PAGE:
Skip to main content
Premium Trial:

Request an Annual Quote

NIH's $42M in EUREKA Awards Backs 'Omics, Biomedical Resarch

NEW YORK (GenomeWeb News) – Nearly 40 biomedical and biotech researchers have been awarded a total of roughly $42 million under the National Institutes of Health’s EUREKA program, which seeks to fund “innovative” research that could have an “extraordinarily significant impact” on science, NIH said today.
The Exceptional, Unconventional Research Enabling Knowledge Acceleration (EUREKA) program grants funds to scientists who are seeking novel hypotheses that “tackle major methodological or technical challenges,” and this round includes genomics, proteomics, and mRNA studies, among others.
"EUREKA projects promise remarkable outcomes that could revolutionize science," NIH Director Elias Zerhouni said in a statement. He said EUREKA “reflects NIH’s commitment to supporting potentially transformative research, even if it carries a greater than usual degree of scientific risk."
Researchers landing funding under this EUREKA program announcement will receive around $200,000 per year for up to four years, depending on the availability of funds.
This round of NIH EUREKA funding will be administered under the National Institute of General Medical Sciences, The National Institute of Mental Health, the National Institute on Drug Abuse, and the National Institute of Neurological Disorders and Stroke.
"EUREKA is an experiment in how to attract, identify, and support particularly creative approaches that, if successful, could move science forward dramatically," NIGMS Director Jeremy Berg said in a statement. “One way EUREKA does this is through a specialized application and review process focusing on the significance and innovation of the proposal.”
Awardees receiving funding under NIGMS include:  
  • John Chaput, Arizona State University, Tempe, "Discovering a Hidden Proteome in the Human Genome";
  • Daniel Chiu, University of Washington, "Super-Resolution Imaging with Difference Deconvolution Microscopy";
  • Laurence Hurley, University of Arizona, Tucson, "Establishing a Molecular System for Drug Targeting of Transcriptional Control"; 
  • Masayori Inouye, University of Medicine & Dentistry of New Jersey/Robert Wood Johnson Medical School, "The Method for Determination of Membrane Protein Structures Without Purification";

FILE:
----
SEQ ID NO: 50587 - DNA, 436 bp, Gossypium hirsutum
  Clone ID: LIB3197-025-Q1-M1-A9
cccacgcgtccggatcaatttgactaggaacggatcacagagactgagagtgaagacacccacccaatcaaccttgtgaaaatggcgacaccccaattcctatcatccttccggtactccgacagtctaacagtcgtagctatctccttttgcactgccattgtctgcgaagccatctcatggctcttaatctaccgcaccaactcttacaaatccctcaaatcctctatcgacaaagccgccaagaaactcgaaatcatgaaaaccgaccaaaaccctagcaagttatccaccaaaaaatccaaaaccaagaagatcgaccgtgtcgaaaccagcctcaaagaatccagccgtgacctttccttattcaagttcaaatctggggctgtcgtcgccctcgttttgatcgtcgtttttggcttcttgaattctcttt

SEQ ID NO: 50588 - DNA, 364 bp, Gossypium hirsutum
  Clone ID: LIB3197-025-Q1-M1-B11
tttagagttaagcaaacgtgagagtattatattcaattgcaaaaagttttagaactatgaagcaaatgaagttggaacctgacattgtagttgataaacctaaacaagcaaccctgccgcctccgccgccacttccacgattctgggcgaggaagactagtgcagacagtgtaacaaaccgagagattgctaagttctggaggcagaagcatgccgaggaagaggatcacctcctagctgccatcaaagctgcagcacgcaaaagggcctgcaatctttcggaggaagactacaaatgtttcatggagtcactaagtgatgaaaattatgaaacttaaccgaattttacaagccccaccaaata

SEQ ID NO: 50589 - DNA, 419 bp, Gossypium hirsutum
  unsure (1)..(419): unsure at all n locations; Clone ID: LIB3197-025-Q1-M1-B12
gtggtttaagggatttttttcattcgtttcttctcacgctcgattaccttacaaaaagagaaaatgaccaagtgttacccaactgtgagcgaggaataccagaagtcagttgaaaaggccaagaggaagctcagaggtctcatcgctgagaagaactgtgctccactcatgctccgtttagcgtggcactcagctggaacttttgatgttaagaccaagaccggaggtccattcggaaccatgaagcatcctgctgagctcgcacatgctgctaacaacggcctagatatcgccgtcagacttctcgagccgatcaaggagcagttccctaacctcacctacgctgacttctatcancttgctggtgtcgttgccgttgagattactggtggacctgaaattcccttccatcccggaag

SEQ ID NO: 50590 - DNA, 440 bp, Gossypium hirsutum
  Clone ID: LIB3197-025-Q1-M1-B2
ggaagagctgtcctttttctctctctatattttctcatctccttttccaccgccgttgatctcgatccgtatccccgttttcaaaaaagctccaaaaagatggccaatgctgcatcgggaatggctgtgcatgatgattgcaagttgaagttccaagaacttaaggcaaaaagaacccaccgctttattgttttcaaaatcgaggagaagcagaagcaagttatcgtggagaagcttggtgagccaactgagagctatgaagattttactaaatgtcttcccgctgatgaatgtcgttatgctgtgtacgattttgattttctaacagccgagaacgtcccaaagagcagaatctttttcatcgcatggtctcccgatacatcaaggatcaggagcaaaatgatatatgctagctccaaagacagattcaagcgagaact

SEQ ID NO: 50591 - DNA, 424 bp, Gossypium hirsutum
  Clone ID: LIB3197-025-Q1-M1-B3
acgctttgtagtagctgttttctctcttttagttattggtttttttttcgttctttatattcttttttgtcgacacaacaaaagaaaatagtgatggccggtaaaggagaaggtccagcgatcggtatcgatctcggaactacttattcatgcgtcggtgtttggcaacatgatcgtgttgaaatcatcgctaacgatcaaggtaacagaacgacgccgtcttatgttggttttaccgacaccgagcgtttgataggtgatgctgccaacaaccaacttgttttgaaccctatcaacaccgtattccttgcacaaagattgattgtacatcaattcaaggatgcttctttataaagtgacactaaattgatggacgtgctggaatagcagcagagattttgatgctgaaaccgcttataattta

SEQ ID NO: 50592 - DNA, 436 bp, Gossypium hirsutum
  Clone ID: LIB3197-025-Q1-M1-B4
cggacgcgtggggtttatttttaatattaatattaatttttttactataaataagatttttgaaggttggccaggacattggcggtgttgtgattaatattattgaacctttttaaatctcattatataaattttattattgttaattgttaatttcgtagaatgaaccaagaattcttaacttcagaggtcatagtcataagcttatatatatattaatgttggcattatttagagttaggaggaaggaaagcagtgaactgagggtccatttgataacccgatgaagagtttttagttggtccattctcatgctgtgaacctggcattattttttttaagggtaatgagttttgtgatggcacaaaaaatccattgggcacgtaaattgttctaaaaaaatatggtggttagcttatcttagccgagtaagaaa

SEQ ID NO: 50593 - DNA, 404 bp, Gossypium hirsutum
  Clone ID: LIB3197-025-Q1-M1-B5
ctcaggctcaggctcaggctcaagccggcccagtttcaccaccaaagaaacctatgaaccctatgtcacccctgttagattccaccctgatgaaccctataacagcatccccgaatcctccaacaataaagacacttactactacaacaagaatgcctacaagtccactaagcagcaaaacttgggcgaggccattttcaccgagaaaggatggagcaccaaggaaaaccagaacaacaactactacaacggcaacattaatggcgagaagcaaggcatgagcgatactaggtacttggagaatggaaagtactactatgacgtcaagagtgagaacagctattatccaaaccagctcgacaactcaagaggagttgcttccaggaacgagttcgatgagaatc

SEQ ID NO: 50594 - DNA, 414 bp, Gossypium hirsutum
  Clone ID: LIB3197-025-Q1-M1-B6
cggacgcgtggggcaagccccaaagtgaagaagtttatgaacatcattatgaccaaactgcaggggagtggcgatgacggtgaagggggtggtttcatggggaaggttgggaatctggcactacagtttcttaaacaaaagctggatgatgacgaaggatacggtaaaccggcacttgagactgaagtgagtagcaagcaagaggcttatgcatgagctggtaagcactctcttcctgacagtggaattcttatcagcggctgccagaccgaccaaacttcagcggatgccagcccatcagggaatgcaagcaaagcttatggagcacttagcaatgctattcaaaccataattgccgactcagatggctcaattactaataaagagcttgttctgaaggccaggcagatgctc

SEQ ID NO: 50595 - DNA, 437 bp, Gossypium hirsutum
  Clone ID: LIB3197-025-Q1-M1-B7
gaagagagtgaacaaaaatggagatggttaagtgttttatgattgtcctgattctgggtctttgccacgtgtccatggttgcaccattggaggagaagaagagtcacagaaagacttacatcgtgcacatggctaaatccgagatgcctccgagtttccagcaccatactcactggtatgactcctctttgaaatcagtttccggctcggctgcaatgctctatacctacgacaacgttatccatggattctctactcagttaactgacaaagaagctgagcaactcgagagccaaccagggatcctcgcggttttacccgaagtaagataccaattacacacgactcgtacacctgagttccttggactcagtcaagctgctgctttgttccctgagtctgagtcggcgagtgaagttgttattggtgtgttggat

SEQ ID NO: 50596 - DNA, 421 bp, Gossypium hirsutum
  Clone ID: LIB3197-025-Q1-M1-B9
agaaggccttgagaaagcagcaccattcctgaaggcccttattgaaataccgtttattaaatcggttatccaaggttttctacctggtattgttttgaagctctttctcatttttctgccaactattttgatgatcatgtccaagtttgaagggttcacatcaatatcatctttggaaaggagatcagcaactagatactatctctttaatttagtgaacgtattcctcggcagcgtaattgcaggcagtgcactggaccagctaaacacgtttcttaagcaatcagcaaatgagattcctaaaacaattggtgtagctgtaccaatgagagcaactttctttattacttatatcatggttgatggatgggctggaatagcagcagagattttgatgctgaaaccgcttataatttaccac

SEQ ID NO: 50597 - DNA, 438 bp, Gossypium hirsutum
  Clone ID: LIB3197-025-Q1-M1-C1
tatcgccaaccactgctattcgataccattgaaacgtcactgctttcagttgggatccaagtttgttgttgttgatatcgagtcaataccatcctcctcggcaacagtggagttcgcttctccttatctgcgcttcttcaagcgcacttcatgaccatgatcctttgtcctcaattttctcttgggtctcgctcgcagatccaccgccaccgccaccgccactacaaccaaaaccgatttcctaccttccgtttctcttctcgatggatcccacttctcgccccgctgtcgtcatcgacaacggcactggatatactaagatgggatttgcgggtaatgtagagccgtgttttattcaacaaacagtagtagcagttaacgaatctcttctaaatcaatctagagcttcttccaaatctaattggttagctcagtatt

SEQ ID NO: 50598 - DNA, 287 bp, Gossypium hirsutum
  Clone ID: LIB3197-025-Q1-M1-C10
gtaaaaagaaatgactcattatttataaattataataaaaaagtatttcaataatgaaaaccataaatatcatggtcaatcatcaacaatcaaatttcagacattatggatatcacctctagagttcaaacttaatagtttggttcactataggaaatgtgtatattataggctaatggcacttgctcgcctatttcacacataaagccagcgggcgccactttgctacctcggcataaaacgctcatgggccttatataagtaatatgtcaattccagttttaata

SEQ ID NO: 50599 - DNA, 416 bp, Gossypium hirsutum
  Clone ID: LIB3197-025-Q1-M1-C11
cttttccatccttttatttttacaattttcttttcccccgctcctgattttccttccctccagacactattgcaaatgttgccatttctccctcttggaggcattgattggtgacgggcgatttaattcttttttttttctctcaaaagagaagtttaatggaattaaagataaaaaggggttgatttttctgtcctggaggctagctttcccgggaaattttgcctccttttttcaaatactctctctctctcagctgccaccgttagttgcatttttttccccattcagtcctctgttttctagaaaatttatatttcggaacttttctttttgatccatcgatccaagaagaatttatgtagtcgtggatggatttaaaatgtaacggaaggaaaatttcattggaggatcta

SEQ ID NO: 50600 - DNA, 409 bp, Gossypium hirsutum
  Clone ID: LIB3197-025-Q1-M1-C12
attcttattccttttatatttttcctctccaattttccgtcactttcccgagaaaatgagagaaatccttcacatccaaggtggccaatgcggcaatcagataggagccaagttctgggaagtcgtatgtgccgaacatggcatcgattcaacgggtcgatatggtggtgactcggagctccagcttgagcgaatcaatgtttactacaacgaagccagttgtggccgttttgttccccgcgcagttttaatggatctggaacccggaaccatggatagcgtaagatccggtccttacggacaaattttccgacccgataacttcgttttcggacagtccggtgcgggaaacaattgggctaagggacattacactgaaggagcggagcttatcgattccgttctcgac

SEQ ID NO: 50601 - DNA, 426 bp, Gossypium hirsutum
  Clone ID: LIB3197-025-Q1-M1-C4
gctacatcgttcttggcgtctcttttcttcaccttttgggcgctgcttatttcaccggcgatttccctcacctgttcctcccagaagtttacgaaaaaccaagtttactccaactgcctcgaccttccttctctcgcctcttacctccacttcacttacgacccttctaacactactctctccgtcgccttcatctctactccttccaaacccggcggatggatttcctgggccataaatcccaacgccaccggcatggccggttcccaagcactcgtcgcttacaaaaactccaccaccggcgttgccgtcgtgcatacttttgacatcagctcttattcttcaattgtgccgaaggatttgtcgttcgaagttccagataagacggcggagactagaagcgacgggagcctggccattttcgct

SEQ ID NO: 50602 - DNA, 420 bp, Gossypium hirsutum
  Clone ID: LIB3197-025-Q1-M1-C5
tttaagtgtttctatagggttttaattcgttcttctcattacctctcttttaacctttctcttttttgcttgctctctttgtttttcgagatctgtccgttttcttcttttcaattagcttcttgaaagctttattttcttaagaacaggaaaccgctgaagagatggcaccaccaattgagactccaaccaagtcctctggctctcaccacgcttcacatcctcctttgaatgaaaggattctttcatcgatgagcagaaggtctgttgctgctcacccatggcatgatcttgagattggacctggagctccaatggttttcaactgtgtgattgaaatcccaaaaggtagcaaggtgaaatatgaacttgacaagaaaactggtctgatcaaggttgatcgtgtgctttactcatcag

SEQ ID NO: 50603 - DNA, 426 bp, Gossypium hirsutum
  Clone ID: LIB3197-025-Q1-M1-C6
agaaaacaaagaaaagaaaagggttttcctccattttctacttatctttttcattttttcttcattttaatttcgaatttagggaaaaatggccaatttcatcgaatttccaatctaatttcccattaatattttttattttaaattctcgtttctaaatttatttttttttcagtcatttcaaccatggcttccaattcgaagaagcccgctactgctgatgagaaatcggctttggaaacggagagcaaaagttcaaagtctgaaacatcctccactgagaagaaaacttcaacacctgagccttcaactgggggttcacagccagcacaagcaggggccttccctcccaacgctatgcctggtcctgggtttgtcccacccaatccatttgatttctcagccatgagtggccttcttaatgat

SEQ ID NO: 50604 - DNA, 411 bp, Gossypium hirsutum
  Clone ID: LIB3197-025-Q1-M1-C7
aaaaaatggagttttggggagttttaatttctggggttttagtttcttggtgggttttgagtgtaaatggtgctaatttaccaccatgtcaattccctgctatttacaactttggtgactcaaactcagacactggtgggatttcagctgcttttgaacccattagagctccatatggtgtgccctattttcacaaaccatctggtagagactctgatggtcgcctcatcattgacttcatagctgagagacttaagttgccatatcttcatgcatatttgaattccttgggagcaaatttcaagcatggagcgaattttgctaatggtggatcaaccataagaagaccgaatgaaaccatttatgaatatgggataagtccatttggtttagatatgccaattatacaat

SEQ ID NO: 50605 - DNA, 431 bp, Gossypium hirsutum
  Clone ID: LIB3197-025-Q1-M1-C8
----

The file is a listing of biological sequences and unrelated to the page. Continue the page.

• Lee Makowski, University of Chicago, "MADMAX: Precise Measurement of Conformational Changes in Proteins"; 
  • William Moerner, Stanford University, "Three-Dimensional Super-Resolution Imaging in Living Cells Using Single-Molecule Active Control";
  • John Sedat, University of California, San Francisco, "Enabling High-Resolution Imaging Deep in Live Tissue with Adaptive Optics";
  • Charles Stebbins, Rockefeller University, "Exploiting a Bacterial Nano-Syringe for Protein Therapeutics";
  • Brian Strahl, University of North Carolina, Chapel Hill, "A High-Throughput Approach Towards Deciphering the Histone Code"; and
  • Michael Stowell, University of Colorado at Boulder, "Self Assembled Lipid Icosohedra for High-Throughput Membrane Protein Structure Determination."  
The National Institute of Mental Health is funding programs including:
  • Todd Lencz, Feinstein Institute for Medical Research, "Identifying Molecular Subtypes of Schizophrenia: A Novel Genomic Approach";
  • Andras Jagy and Hongkui Zeng, Allen Institute for Brain Science, "Generation and Characterization of Novel and Highly Specific Neuronal Subtype TRA"; and
  • Yi Eve Sun, University of California, Los Angeles, "A Novel Approach to Identify Neuronal mRNA Targets for Individual microRNAs."
The National Institute of Neurological Diseases and Stroke is funding research by Beverly Davidson, University of Iowa, “RNA Aptamers for Brain Delivery.” 
More information about the EUREKA program is available here.

The Scan

Pig Organ Transplants Considered

The Wall Street Journal reports that the US Food and Drug Administration may soon allow clinical trials that involve transplanting pig organs into humans.

'Poo-Bank' Proposal

Harvard Medical School researchers suggest people should bank stool samples when they are young to transplant when they later develop age-related diseases.

Spurred to Develop Again

New Scientist reports that researchers may have uncovered why about 60 percent of in vitro fertilization embryos stop developing.

Science Papers Examine Breast Milk Cell Populations, Cerebral Cortex Cellular Diversity, Micronesia Population History

In Science this week: unique cell populations found within breast milk, 100 transcriptionally distinct cell populations uncovered in the cerebral cortex, and more.